America was the main strategic ally to the Mujahideen in Afghanistan. The war against the Soviet Union and the idea of setting up the Mujahideen and the propaganda campaign that followed were all for American desires. However, the honey moon between America and the Sunni radicals didn't last long; in the 1990s the Sunnis turned against their previous allies with vengeance.
The ball of the Sunni radicalization started rolling in the 1970s, well before the Iranian revolution. I am afraid that sinister ball was created by American desire and was kept rolling also by American desire. That ball of radicalization is still rolling fast; the Sunni Muslims are getting more radicalized by the day.
The idea of this article is not to defend one sect of Islam or the other because they are all vicious. However, in our time it is the Sunni sect that tends to be more vile and violent, probably because they are the majority. It is well known that Muslims behave well when they are a minority. The Sunnis are arrogant because they feel the strength, while their Wahhabi indoctrination makes them least tolerant. They do not accept the other sects of Islam and have no tolerance to any practices except their own. The ultimate Sunni Islam is represented by Wahhabism, which is being embraced by an increasing number of Muslims everyday. In parallel with this trend there is an increasing number of Sunnis who started to hate the other sects of Islam in a similar way they hate the Jews and refer to them as infidels and make no secret of it. They consider other Islamic sects as the Jews from within who are set to destroy all the principles of Islam one by one.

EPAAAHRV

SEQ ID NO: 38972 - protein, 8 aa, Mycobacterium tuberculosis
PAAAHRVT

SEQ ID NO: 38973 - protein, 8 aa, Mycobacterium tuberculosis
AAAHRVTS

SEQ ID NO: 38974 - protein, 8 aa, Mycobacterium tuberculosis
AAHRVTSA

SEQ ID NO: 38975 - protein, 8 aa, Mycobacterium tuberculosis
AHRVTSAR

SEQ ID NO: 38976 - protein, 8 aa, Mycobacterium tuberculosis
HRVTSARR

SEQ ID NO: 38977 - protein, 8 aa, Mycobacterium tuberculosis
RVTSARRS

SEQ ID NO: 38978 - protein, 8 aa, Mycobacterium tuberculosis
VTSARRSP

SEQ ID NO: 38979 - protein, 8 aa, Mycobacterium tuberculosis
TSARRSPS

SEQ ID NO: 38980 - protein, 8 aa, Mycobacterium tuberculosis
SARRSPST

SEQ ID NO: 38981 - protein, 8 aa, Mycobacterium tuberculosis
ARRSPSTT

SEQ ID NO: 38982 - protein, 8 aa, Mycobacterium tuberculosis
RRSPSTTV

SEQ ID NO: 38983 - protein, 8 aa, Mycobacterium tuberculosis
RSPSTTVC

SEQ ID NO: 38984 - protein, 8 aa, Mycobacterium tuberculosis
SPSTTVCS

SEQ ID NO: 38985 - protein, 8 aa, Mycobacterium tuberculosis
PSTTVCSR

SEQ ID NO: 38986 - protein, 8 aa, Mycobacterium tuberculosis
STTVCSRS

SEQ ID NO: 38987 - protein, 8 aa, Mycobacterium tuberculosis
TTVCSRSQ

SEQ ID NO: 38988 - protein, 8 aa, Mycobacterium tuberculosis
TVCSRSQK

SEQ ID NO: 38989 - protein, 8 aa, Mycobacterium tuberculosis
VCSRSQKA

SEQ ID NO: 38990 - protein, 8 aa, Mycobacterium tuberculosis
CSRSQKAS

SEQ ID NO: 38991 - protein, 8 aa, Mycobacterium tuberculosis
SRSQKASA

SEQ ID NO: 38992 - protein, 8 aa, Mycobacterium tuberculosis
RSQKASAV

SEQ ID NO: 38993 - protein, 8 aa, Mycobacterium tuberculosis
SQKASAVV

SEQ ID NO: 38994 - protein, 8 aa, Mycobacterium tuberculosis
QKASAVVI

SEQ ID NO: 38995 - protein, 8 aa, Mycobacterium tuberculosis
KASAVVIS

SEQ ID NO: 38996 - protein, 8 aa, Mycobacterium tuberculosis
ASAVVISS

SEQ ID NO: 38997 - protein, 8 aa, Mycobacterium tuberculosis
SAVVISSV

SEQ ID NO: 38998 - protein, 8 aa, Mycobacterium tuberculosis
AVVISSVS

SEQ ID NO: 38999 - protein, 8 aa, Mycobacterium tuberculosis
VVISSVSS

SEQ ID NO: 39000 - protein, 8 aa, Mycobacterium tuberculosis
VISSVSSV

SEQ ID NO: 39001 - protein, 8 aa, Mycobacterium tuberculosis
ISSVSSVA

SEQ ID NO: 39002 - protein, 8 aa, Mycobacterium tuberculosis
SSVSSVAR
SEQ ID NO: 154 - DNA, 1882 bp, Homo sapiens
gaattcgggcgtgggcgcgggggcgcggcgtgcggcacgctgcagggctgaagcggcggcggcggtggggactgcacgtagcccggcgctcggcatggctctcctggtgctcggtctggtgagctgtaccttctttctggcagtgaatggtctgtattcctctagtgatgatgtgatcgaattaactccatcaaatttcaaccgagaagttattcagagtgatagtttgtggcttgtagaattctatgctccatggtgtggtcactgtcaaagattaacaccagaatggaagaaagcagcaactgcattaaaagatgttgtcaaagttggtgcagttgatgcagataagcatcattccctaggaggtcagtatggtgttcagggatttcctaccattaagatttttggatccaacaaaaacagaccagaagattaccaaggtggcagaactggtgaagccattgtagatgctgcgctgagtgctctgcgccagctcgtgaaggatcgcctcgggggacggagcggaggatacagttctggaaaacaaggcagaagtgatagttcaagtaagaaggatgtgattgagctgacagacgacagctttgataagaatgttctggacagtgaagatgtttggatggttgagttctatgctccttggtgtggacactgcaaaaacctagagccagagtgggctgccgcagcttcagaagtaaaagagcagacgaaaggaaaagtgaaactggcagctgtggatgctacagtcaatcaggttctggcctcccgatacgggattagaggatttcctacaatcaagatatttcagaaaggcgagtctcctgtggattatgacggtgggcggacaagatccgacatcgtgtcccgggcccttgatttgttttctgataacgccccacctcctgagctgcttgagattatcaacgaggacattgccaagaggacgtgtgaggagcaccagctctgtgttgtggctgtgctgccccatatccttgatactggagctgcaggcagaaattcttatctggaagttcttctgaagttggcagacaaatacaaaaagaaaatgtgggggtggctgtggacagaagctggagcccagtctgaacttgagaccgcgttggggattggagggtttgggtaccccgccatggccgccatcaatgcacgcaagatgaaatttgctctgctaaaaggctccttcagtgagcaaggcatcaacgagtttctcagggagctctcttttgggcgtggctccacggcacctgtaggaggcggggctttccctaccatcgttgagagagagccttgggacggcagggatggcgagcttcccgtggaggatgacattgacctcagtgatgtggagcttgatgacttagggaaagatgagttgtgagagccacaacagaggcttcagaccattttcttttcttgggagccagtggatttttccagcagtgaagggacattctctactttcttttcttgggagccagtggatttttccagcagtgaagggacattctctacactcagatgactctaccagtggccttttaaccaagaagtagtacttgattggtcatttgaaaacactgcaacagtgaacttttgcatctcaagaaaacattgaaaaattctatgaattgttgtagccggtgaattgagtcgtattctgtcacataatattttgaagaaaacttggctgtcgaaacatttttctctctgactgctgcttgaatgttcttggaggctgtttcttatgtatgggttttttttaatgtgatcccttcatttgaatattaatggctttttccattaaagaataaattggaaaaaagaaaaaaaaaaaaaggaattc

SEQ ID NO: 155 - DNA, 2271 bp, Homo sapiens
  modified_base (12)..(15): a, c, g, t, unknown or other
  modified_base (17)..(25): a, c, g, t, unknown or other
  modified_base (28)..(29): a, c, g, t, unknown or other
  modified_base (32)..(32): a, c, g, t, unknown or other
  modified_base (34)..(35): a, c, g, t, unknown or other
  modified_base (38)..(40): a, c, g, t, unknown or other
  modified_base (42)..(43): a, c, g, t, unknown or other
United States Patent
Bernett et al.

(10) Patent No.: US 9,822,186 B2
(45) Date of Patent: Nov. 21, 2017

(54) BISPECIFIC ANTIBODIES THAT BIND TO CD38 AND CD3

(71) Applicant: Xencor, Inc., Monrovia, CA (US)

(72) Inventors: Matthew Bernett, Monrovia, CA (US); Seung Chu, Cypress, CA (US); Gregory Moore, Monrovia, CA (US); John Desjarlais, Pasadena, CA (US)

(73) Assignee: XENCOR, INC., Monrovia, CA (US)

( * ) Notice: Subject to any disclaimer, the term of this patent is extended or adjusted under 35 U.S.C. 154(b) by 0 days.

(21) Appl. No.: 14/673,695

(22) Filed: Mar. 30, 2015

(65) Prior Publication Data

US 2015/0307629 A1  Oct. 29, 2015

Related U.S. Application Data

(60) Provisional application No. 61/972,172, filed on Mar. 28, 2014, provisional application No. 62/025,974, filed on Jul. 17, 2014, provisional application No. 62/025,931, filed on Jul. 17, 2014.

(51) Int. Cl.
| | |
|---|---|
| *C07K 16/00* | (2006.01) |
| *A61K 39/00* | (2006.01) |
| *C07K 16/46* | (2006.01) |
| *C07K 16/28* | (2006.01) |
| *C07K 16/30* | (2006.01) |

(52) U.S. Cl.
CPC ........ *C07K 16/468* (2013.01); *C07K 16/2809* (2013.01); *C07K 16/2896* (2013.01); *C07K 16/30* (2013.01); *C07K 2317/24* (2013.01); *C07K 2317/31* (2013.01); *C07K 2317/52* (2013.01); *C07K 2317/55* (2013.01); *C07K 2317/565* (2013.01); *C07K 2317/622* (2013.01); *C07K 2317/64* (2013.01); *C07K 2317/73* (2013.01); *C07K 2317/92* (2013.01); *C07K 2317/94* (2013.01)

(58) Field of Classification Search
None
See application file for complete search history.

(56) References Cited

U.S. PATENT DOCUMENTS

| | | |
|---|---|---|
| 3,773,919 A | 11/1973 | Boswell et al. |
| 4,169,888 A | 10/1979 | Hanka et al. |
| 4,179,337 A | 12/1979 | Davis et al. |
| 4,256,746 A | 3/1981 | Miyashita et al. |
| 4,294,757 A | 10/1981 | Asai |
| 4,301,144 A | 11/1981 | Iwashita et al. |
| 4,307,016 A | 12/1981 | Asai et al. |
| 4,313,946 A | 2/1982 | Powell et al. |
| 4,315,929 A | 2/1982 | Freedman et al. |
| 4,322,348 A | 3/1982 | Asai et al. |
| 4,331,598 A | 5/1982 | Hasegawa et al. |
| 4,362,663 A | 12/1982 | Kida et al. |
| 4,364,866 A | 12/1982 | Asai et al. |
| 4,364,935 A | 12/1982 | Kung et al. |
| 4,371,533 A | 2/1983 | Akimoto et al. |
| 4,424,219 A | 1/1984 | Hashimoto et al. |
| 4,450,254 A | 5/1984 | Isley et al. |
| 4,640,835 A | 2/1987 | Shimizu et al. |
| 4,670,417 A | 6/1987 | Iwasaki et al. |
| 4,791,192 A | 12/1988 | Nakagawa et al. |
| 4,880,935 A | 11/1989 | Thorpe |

Saudi Arabia dominates dozens of countries that constitute the Organization of the Islamic Conference (OIC) which is the largest voting block in the United Nations. Add to this its special relations with America and you get a backward country that has become a world power to be reckoned with.
The Americans may succeed in one way or the other in preventing a nuclear Iran, but they already failed in preventing a nuclear Pakistan. Although a non Arab country, Pakistan can be considered as the military wing of Saudi Arabia. The country survives on Saudi money and it was Saudi money which financed its nuclear program while America looked the other way. It is inconceivable that America still provides Pakistan with generous financial help and classifies the country as an ally.
Like Saudi Arabia, Pakistan is a country that is radicalized to the core. In both countries there are radical Islamic governments that are just not radical enough in the eyes of the people.
I am afraid that while the world is focusing on Iran, the real threat may lie further to the East, in Pakistan. I am afraid it is only a matter of time when Pakistan’s nuclear arsenal falls in the hands of terrorists.
Who’s More Dangerous: Sunni or Shia Islamists?
By Barry Rubin